February 25, 2019—Newark, OH — According to a recent article in the Newark Advocate, Licking County has seen a spike in homelessness. The Licking County Coalition for Housing's annual Point in Time homeless count recently revealed a total of 198 individuals, but the U.S. Department of Housing and Urban Development suggests the actual number is likely 2.5 to 3 times greater.* Central Ohio Technical College (COTC) and The Ohio State University at Newark's Community Intercultural Relations Committee will hold the 10th Annual Community Intercultural Relations Conference with the aim to bring our community together to develop a critical awareness of the economic challenges of today that are factors in such recent spikes in homelessness and impoverishment in Licking County and beyond.
The conference, A Cultural Divide: Social and Economic Challenges, will be held on April 5 from 9 a.m. to 3 p.m. in the John Gilbert Reese Center located at 1209 University Dr., Newark, OH 43055. Throughout the day, speakers will present on topics pertaining to current economic challenges, share personal experiences and educate participants through engaging activities.
The conference will feature both locally and internationally known speakers and a panel of experts who have experience living in poverty or working with those living in poverty. Participants will learn about the complexities that challenge not only our most vulnerable but also our neighbors and family members. Takeaways will include tools and resources to help provide effective support and guidance.
Phil DeVol, international consultant, Bridges Out of Poverty
"Poverty is Complex: It Demands a Comprehensive Approach"
The Bridges learning community shows us that change takes place in this order: changing mindsets about poverty and people in poverty, and then making changes at the individual, institutional and community level. Then it is time to make policy changes at the state level. There is an urgent need for Bridges communities made up of people from all classes, races, sectors and political persuasions working closely with their legislators to change policies.
Ty Howard, founder, chair and CEO of InspiraGen Institute
"Working with Employees and Families in Poverty"
Human resource professionals, business owners, executives, managers, employees and college students will be guided to create a mental model of poverty, review poverty research, examine a theory of change and analyze through the prism of the hidden rules of class, resources, family structure and language. This session puts into words what can be done practically and successfully through the ultimate understanding, improvement and empowerment of disadvantaged employees, families, students and communities.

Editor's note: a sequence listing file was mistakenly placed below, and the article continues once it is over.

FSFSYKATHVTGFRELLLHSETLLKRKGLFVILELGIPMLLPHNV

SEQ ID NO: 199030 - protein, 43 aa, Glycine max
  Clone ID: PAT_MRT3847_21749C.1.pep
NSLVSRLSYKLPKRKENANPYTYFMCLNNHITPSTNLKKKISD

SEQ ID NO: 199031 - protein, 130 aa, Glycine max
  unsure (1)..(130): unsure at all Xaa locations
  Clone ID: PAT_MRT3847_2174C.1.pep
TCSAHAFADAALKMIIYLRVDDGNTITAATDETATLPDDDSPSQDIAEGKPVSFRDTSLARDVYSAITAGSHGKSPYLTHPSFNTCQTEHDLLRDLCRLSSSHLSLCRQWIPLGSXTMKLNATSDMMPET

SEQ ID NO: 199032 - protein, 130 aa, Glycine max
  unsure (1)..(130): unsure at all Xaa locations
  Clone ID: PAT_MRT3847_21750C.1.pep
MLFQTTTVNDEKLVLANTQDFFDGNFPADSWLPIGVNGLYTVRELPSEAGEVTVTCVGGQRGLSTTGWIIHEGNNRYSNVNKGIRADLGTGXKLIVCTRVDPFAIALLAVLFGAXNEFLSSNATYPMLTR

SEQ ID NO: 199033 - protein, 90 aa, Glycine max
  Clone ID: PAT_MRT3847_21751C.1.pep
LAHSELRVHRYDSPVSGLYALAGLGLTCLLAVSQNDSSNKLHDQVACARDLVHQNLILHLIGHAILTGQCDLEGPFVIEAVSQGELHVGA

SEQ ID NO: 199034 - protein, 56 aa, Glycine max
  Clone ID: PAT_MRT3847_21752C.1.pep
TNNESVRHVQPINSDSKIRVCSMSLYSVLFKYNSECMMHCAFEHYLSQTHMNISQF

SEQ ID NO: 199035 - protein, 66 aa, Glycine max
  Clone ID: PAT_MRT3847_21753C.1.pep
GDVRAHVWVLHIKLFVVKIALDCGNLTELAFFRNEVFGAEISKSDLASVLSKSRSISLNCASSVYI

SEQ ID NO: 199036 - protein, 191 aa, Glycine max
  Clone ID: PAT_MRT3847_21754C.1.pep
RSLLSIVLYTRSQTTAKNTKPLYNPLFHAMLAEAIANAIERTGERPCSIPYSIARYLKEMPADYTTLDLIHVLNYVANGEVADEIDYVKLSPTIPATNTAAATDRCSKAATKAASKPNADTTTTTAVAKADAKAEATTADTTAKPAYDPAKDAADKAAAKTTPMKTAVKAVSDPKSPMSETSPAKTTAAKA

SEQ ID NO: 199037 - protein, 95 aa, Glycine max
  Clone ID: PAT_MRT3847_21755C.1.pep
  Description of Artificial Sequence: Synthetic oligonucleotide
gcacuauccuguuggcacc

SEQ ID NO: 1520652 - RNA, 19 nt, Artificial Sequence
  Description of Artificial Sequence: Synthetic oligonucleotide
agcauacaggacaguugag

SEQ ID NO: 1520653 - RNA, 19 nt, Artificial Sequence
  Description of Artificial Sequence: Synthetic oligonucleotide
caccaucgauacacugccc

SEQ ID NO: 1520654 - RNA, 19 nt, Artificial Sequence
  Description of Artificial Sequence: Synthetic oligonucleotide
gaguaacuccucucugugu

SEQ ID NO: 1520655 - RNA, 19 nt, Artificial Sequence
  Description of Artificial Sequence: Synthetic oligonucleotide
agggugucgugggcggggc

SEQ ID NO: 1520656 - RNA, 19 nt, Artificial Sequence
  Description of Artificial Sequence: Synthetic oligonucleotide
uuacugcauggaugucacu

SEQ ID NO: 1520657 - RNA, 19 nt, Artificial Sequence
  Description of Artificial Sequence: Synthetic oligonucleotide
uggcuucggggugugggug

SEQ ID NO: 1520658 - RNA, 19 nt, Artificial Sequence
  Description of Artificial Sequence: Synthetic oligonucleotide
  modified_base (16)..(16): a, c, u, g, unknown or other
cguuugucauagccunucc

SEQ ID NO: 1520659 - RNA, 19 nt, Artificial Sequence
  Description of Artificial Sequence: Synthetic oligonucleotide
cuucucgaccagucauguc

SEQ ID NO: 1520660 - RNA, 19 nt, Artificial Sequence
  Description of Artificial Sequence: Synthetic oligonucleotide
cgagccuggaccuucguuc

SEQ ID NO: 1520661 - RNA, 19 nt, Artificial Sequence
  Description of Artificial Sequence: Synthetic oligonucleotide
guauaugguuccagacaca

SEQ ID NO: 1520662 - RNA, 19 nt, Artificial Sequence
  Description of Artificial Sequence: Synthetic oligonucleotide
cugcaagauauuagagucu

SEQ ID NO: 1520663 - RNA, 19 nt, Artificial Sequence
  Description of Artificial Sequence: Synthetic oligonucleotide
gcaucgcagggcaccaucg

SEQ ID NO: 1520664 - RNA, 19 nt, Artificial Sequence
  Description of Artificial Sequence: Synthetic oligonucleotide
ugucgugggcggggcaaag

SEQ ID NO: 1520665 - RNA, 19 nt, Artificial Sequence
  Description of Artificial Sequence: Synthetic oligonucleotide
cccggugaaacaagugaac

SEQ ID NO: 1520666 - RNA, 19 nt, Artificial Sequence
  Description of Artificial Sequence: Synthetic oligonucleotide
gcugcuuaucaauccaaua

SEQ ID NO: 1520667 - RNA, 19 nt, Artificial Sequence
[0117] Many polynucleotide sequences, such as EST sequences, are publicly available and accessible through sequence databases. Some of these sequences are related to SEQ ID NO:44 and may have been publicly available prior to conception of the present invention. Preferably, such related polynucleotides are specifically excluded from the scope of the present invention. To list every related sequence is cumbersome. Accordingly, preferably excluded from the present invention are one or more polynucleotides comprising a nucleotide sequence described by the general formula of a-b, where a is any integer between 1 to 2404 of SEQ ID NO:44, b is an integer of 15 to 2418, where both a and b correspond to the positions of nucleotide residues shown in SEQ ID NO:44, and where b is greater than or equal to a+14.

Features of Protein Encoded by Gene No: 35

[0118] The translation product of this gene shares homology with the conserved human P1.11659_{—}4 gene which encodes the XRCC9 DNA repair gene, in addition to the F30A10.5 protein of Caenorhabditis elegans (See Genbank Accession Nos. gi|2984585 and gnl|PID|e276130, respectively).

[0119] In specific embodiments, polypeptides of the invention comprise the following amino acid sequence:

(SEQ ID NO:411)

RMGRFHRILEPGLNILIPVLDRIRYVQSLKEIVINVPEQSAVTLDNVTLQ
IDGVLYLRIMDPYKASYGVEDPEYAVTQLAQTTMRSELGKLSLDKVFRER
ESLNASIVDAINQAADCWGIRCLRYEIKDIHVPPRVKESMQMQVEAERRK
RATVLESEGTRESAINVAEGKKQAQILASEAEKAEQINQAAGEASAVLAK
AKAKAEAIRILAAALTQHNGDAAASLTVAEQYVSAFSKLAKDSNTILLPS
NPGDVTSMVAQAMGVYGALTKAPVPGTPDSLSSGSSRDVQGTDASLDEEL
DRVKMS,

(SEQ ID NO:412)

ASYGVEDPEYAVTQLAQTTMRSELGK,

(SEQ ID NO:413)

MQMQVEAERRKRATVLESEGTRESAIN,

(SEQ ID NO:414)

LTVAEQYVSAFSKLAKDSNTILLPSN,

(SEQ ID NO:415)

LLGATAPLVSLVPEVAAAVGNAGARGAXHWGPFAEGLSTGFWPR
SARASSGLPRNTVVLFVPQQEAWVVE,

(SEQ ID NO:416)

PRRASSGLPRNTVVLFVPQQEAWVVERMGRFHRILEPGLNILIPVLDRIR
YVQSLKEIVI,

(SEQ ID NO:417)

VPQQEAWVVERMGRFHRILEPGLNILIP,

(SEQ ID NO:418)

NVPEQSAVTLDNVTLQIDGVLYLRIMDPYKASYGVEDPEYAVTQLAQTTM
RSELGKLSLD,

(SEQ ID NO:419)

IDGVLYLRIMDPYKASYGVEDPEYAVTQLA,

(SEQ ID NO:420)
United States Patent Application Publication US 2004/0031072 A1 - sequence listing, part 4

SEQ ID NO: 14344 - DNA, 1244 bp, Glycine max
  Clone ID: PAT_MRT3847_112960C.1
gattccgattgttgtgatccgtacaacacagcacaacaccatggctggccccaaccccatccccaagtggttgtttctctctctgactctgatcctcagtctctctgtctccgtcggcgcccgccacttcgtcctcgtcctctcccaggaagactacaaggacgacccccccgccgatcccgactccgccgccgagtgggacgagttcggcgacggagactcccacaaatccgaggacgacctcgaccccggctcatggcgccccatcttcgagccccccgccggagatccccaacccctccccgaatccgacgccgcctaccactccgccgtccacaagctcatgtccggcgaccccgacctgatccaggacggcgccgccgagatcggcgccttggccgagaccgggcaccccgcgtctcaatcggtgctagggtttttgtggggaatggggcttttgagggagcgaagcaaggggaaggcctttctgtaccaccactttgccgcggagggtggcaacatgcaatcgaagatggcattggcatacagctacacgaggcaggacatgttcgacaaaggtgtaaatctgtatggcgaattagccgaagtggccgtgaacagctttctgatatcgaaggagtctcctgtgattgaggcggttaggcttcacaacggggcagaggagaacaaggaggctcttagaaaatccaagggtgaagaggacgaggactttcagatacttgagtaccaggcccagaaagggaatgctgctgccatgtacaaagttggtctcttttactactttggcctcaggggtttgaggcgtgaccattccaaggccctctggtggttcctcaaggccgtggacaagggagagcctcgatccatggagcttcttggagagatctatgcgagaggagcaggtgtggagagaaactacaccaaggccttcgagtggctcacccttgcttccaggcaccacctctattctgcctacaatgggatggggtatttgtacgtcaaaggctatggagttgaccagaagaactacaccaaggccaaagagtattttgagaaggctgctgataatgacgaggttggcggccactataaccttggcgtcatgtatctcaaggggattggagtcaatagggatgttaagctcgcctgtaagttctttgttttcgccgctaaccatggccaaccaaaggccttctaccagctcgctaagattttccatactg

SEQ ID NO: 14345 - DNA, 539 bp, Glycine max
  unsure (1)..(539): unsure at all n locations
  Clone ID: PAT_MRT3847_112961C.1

Fadhel Kaboub, Ph.D., associate professor of economics and president of the Global Institute for Sustainable Prosperity, Denison University
"A Green New Deal for Newark and Licking County: Climate Action, Social Justice and Jobs"
Dr. Fadhel Kaboub will make the case for a Green New Deal discussing what it can deliver in a state like Ohio. He will discuss a federally funded Job Guarantee Program to tackle climate change, inequality and poverty.
Check-in begins at 8:15 a.m. A brief introduction to the topic from Licking County Job and Family Services Director John Fisher will be at 9 a.m. The morning session from 9 – 10:15 a.m. featuring Fisher and DeVol is free to all registrants. The remainder of the conference that includes lunch, a panel discussion and featured speakers Howard and Kaboub is $30.
Register by March 29 at go.osu.edu/interculturalrelations.
Questions may be directed to Vorley Taylor at firstname.lastname@example.org or 740.366.9443.
The 10th Annual Community Intercultural Relations Conference is sponsored by United Way of Licking County, Denison University, DoubleTree by Hilton and Park National Bank.
*Newark Advocate article: Homelessness appears to be growing problem in Licking County
Central Ohio Technical College and The Ohio State University at Newark have forged an outstanding array of educational opportunities for the central Ohio region and beyond. This partnership is viewed as a model for higher education in the state of Ohio. At Central Ohio Technical College, students gain hands-on, applicable experience to begin working in the field, or to transfer those credits toward a bachelor's degree program. The Ohio State University at Newark offers an academic environment that's inclusive of diversity, challenging but supportive with world-renowned professors and access to Ohio State's more than 200 majors.